I am a HUGE fan of crafting an email signature that helps communicate your brand (or value prop, or whatever). Help people understand who you are and what you do and how they can help you by crafting a sharp email signature!
Want more of this advice? Check out my Pluralsight courses here, and my top recommendations for job seekers here.
I recently mentioned this on a webinar and I had an attendee (Kim) email me asking for my advice on her signature… and I gave it to her!
I told her to “take it with a grain of salt” because I am responding based on my initial reaction, but I know I come across as cranky and “my way or the highway.” Really, YOU know your situation best, so perhaps something I recommend might not be what you should do. Kim was very kind, though, and said I could blog my response to her. Here’s her old email signature:
What do you think? Do you like it?
Email Signature Critique
Here was my critique (my comments in yellow):
Kim Bilawchuk, MBA, MEd your creds do nothing for me… not sure if it adds value for others… unless you have a scrutinizing clientele of business people who want to know you are business savvy… but I’d rather read about your wisdom and see your advice on your blog than see the MBA (I also have an MBA but I don’t put it anywhere, I don’t think my audience cares – might be diff for you)
Career Coach, MBTI Certified Practitioner (what is MBTI?? I think this just confuses people and distracts them from your value prop… it is noise, imo)
Feeling “stuck”? Not sure what’s next? Contact me today for a free career coaching consultation. shouldn’t the punctuation be INSIDE the quotes?? Otherwise, I like the invitation… makes it clear what you do…
Exploration of career goals – career assessment – resume writing – interview preparation – networking – negotiation skills very nice list to again, clarify what you do….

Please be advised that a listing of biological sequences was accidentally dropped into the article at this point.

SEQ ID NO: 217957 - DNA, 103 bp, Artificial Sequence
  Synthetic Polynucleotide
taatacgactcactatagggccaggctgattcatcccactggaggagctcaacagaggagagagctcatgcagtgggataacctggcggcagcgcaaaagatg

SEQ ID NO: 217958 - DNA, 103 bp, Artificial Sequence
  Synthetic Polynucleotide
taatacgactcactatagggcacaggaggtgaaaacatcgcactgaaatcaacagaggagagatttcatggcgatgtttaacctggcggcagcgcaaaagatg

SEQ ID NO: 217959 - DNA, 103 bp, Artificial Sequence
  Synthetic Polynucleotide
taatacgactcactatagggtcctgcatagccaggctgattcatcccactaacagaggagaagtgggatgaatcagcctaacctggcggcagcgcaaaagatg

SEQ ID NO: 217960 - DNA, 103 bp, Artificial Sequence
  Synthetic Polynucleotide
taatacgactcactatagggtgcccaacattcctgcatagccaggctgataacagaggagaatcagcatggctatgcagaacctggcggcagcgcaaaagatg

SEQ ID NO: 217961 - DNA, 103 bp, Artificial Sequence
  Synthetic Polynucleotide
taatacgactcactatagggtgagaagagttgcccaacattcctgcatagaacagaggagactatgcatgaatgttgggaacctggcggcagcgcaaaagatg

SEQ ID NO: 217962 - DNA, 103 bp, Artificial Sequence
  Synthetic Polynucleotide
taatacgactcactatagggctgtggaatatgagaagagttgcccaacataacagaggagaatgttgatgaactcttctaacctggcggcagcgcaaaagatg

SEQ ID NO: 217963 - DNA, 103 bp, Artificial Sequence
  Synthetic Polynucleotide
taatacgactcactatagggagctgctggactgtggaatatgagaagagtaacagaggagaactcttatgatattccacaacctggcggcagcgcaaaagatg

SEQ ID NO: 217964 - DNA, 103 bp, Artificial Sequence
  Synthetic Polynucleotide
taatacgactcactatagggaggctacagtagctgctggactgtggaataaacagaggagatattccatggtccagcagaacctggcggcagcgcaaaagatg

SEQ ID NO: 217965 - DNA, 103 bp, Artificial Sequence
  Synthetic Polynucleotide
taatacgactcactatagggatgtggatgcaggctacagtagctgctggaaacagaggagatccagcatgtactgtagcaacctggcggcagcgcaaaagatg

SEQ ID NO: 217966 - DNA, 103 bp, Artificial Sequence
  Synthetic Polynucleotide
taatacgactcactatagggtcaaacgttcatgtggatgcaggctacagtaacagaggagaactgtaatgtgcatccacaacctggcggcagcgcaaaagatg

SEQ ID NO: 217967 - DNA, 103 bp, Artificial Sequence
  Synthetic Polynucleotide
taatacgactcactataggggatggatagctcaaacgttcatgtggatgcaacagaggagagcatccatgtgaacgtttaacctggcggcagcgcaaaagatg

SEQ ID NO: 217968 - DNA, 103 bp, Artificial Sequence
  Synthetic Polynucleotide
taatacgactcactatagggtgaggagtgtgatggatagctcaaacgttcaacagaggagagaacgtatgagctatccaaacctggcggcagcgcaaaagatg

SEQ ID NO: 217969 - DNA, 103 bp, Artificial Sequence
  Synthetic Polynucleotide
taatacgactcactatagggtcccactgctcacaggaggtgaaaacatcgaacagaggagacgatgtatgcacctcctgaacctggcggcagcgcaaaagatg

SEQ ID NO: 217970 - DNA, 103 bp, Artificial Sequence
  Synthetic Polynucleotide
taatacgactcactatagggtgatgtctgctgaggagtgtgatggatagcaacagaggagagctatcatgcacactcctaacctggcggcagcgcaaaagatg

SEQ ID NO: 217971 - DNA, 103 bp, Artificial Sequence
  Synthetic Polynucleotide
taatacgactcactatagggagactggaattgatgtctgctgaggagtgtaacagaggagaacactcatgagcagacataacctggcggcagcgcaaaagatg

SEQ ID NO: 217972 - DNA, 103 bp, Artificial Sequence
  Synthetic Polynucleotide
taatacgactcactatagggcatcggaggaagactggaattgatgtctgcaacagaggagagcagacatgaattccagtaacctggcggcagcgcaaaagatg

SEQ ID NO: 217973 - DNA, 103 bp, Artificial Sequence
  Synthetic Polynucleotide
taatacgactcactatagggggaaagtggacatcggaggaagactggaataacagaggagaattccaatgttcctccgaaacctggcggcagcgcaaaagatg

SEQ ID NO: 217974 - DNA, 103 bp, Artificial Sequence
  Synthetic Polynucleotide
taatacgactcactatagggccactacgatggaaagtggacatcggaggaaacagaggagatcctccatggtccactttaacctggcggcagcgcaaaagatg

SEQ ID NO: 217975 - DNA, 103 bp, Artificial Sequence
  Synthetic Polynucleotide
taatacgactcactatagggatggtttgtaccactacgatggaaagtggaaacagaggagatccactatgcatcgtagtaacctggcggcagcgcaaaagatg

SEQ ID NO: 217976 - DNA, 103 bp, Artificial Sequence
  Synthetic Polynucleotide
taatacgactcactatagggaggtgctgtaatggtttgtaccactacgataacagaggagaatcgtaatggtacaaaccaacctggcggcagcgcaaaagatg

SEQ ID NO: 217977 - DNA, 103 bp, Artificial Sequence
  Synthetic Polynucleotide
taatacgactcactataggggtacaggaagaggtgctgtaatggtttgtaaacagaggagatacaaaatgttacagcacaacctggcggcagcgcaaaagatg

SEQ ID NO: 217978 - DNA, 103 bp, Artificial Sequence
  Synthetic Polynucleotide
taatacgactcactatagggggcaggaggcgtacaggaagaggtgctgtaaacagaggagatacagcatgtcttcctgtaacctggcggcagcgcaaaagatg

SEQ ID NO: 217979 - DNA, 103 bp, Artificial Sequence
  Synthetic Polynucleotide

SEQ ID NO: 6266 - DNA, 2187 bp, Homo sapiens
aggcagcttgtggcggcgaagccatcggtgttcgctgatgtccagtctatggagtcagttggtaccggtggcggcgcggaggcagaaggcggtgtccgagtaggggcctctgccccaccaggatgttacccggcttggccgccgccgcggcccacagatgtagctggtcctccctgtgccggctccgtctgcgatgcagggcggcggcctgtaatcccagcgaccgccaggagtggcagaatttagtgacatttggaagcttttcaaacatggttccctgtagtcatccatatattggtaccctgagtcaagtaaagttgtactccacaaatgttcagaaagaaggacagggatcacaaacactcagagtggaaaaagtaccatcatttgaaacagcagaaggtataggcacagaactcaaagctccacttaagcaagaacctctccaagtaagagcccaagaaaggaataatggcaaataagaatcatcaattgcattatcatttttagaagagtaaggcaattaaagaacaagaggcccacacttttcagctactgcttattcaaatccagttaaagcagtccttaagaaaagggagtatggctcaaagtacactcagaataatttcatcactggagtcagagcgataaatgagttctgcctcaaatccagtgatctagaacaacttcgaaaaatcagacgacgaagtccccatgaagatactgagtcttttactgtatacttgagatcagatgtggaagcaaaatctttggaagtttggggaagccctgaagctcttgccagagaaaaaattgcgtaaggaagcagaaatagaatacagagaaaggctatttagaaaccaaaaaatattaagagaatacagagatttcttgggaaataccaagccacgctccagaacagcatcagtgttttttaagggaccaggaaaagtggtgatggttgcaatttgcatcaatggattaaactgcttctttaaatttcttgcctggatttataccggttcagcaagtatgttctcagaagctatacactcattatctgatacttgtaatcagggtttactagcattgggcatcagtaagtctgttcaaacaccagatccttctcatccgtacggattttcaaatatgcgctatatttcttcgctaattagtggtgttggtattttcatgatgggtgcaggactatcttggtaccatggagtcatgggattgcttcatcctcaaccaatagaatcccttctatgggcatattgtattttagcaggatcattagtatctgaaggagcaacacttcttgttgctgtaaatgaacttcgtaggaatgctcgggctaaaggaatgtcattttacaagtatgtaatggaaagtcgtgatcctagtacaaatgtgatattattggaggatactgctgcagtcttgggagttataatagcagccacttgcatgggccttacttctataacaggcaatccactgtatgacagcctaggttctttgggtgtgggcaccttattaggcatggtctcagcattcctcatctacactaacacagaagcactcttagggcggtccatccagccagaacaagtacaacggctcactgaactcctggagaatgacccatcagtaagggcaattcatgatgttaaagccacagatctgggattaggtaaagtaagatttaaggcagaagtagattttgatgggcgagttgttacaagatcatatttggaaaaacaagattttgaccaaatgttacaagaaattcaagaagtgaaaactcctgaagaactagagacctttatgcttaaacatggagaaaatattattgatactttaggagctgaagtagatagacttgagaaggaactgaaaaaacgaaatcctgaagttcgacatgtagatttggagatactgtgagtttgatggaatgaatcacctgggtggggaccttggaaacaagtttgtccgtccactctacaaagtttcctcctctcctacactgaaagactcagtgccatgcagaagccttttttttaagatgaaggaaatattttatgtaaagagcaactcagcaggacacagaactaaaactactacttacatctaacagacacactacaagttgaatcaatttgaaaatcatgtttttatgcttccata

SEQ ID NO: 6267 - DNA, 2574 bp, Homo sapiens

One thing I didn’t mention is that she signs off with her name (Kim) right above her email signature (with the first word being… Kim)…
Anyway, thanks to Kim for letting me blog the critique… now, how is YOUR email signature?
9 thoughts on “Email Signature: Make It Count! 1 Powerful Critique”
Jason, Not cranky. To the point. More useful than couched.
You are spot on.
Howabout a re-write demoing your recommend signature.
My question is what does anecdotal feedback tell you
about signature readership? I have a number of folks
say they didn’t have my direct line phone number
which is always part of my signature with very little
else and one or two links. Now when I offer
a call back (on-demand training) I put the number
at the top of the message in bold face, large, color.
Now they see it. Signatures can sing. I think we
have a way to go before we all nail AND freshen
regularly, my challenge. Thanks. sQs Your advocate!
I’ve been wondering about e-mail signatures lately, actually. What do you think of adding your Twitter account if you’re okay with sharing it?
Actually, in that example, the question mark belongs OUTSIDE the quotes, where she currently has it. If she were quoting a whole sentence that ended in a question mark, the question mark would go inside the quotes. But in this case, where just one word is in quotes, and the question mark isn’t part of the concept the word is conveying, she has it correct.
I’m sure there’s a style guide that would explain this better than I just did, but the upshot is that the way she has it is right!